] for pork in 2013. This label has two levels and to date only covers requirements for finishing pigs.
The German label “Haltungsform” [30
] started in 2019. “Haltungsform” [30
] is driven mainly by retailers and integrates already existing labelling schemes as well as the requirements of the German “Initiative Tierwohl”. The label “Haltungsform” has four levels. The “Initiative Tierwohl” was introduced in 2015 and is driven and supported by agricultural associations, companies from the meat sector, and food retailers. In the beginning, this initiative did not label the products. Farmers who fulfilled a set of mandatory requirements and/or elective requirements received a certain amount of money from a fund financed by retailers to refinance the extra costs involved, but the produced pork was not sold under a label. The requirements of the “Initiative Tierwohl” address sows, piglets, weaners, and finishing pigs. Currently, the “Initiative Tierwohl” is transferred to the label “Haltungsform” [30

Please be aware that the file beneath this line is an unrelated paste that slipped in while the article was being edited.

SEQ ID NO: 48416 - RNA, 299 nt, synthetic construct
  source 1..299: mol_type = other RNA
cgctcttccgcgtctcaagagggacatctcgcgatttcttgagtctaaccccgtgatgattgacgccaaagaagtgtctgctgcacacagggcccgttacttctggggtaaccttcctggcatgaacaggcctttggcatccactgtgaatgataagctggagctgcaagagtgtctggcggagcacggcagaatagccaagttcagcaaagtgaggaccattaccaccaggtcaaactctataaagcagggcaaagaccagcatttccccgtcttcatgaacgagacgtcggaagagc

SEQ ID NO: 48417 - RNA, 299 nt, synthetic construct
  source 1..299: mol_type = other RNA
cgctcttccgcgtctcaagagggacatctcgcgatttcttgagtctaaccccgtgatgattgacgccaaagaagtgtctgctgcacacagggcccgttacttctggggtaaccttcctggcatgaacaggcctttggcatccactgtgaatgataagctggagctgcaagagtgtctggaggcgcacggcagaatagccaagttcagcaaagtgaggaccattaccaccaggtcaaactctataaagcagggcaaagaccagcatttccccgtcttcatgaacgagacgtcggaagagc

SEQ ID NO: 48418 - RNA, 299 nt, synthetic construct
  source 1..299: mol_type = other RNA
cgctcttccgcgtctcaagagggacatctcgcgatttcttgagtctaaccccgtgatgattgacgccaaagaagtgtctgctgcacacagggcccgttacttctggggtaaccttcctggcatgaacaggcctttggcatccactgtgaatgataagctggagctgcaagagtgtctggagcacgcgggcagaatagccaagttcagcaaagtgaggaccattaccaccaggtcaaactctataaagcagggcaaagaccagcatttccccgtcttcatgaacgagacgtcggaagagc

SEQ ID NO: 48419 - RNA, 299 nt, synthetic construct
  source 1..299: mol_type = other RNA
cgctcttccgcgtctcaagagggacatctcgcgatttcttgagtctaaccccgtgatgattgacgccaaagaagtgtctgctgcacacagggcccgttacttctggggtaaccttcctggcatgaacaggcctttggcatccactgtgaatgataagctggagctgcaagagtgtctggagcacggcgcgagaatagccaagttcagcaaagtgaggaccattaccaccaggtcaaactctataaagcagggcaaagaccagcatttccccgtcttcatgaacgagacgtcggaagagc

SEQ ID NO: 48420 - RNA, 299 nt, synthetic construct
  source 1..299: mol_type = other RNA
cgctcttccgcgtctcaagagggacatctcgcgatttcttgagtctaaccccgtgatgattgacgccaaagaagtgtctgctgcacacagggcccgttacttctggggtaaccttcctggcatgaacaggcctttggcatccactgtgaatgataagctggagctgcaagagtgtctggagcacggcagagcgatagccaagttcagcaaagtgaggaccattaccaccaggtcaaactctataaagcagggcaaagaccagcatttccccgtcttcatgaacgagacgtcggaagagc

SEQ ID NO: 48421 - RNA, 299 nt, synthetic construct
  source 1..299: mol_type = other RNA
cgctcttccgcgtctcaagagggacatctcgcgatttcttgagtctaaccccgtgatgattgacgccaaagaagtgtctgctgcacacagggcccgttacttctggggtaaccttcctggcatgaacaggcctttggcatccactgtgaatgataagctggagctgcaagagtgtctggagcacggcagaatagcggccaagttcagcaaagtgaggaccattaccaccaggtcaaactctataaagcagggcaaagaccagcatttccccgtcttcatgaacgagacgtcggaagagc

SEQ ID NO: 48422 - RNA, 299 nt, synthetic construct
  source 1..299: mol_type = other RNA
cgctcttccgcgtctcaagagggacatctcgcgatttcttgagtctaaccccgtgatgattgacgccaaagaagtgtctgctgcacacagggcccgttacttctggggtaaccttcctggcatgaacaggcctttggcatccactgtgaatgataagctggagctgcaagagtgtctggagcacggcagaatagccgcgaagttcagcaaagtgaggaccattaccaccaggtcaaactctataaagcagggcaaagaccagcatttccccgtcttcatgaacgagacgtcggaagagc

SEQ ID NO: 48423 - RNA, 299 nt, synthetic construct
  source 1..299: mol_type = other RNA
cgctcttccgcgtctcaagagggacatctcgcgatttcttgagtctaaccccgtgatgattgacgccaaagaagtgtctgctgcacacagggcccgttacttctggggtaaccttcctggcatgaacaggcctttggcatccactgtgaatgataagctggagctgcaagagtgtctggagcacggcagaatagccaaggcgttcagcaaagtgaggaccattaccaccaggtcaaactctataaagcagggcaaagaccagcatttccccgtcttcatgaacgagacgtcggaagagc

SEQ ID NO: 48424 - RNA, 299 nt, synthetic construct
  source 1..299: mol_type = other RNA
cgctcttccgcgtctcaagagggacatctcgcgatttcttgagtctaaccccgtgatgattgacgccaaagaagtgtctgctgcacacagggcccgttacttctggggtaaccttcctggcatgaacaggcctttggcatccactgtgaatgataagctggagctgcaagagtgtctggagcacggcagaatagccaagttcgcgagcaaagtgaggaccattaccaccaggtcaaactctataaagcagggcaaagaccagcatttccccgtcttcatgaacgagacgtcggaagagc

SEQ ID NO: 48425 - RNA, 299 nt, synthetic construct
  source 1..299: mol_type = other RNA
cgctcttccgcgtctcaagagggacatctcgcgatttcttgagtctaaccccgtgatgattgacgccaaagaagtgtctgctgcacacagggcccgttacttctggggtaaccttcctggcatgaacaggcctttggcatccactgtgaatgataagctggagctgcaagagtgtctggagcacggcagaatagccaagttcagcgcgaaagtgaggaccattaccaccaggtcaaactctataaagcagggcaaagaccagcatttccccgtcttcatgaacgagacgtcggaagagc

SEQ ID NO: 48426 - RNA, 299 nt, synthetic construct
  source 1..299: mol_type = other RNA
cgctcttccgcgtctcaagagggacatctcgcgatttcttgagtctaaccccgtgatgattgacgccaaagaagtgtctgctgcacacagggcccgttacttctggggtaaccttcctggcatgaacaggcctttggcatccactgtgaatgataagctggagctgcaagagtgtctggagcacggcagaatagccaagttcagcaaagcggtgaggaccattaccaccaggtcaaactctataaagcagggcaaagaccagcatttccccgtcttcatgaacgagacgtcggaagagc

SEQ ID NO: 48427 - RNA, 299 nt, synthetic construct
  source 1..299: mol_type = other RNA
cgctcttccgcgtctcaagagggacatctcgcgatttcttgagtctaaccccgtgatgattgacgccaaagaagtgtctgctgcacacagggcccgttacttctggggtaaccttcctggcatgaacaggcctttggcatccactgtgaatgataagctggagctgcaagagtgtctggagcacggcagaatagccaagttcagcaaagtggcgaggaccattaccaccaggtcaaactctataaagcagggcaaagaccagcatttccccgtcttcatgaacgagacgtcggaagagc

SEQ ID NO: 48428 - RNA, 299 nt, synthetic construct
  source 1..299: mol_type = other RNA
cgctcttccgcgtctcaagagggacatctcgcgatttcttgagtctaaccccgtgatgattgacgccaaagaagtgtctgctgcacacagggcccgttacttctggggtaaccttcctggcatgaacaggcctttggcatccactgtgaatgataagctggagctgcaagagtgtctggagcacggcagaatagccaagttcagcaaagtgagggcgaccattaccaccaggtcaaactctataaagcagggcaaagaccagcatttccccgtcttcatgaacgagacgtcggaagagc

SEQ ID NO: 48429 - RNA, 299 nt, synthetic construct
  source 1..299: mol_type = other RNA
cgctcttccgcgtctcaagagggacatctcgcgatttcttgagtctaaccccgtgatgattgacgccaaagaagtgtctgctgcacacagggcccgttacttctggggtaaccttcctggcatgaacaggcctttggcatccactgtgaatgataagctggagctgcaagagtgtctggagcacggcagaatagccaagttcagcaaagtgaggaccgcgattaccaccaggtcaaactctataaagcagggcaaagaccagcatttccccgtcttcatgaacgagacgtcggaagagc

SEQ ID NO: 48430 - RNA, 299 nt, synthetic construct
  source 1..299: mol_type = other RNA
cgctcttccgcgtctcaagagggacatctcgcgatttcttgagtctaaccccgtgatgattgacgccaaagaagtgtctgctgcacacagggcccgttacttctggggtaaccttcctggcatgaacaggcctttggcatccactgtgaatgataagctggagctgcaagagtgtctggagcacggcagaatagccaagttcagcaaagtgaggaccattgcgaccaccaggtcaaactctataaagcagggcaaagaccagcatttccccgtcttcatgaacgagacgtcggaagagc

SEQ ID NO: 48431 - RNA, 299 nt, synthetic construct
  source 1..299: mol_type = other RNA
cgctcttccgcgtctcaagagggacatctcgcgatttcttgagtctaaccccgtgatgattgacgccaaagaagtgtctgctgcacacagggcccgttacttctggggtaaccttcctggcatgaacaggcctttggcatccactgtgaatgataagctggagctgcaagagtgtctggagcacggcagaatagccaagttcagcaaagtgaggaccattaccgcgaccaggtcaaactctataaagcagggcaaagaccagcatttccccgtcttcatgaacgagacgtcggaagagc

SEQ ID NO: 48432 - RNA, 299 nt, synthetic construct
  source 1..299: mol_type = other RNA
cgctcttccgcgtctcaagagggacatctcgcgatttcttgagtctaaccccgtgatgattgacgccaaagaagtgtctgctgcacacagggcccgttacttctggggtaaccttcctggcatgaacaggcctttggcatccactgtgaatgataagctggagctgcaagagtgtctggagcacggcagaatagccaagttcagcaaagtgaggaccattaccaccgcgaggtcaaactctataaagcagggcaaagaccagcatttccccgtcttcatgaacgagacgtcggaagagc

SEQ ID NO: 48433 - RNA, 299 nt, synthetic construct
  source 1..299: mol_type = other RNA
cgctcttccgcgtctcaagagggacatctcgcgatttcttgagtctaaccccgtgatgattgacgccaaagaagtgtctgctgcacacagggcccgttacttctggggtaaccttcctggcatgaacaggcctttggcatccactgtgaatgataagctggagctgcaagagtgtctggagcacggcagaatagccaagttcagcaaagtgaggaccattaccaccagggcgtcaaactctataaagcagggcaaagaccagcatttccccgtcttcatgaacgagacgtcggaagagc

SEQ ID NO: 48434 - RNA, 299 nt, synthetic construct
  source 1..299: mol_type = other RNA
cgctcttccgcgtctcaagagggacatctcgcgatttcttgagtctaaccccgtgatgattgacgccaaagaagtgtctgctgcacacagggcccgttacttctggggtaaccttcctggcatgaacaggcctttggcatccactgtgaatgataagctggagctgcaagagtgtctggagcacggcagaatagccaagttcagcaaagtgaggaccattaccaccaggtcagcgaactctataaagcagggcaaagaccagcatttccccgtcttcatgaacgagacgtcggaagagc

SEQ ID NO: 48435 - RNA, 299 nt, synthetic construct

] in which the basic and mandatory requirements of the “Initiative Tierwohl” define the second level of the label “Haltungsform”. The first level is equivalent to the minimum legal requirements in Germany, the third level is oriented towards the first level of the label “Für Mehr Tierschutz” [29
], and the fourth level includes existing premium labels such as organic labels. Until now, the label “Haltungsform” [30
] only covers requirements for finishing pigs.
Recently, the German Federal Ministry of Food and Agriculture published the requirements for a governmental welfare label (“Tierwohlkennzeichen”) [31
] that will be established in the market within the next few years. This label will cover requirements for sows, piglets, weaners, and finishing pigs and will have three levels.
4. How Do the Pig Welfare Labels Address Major Pig Welfare Problems?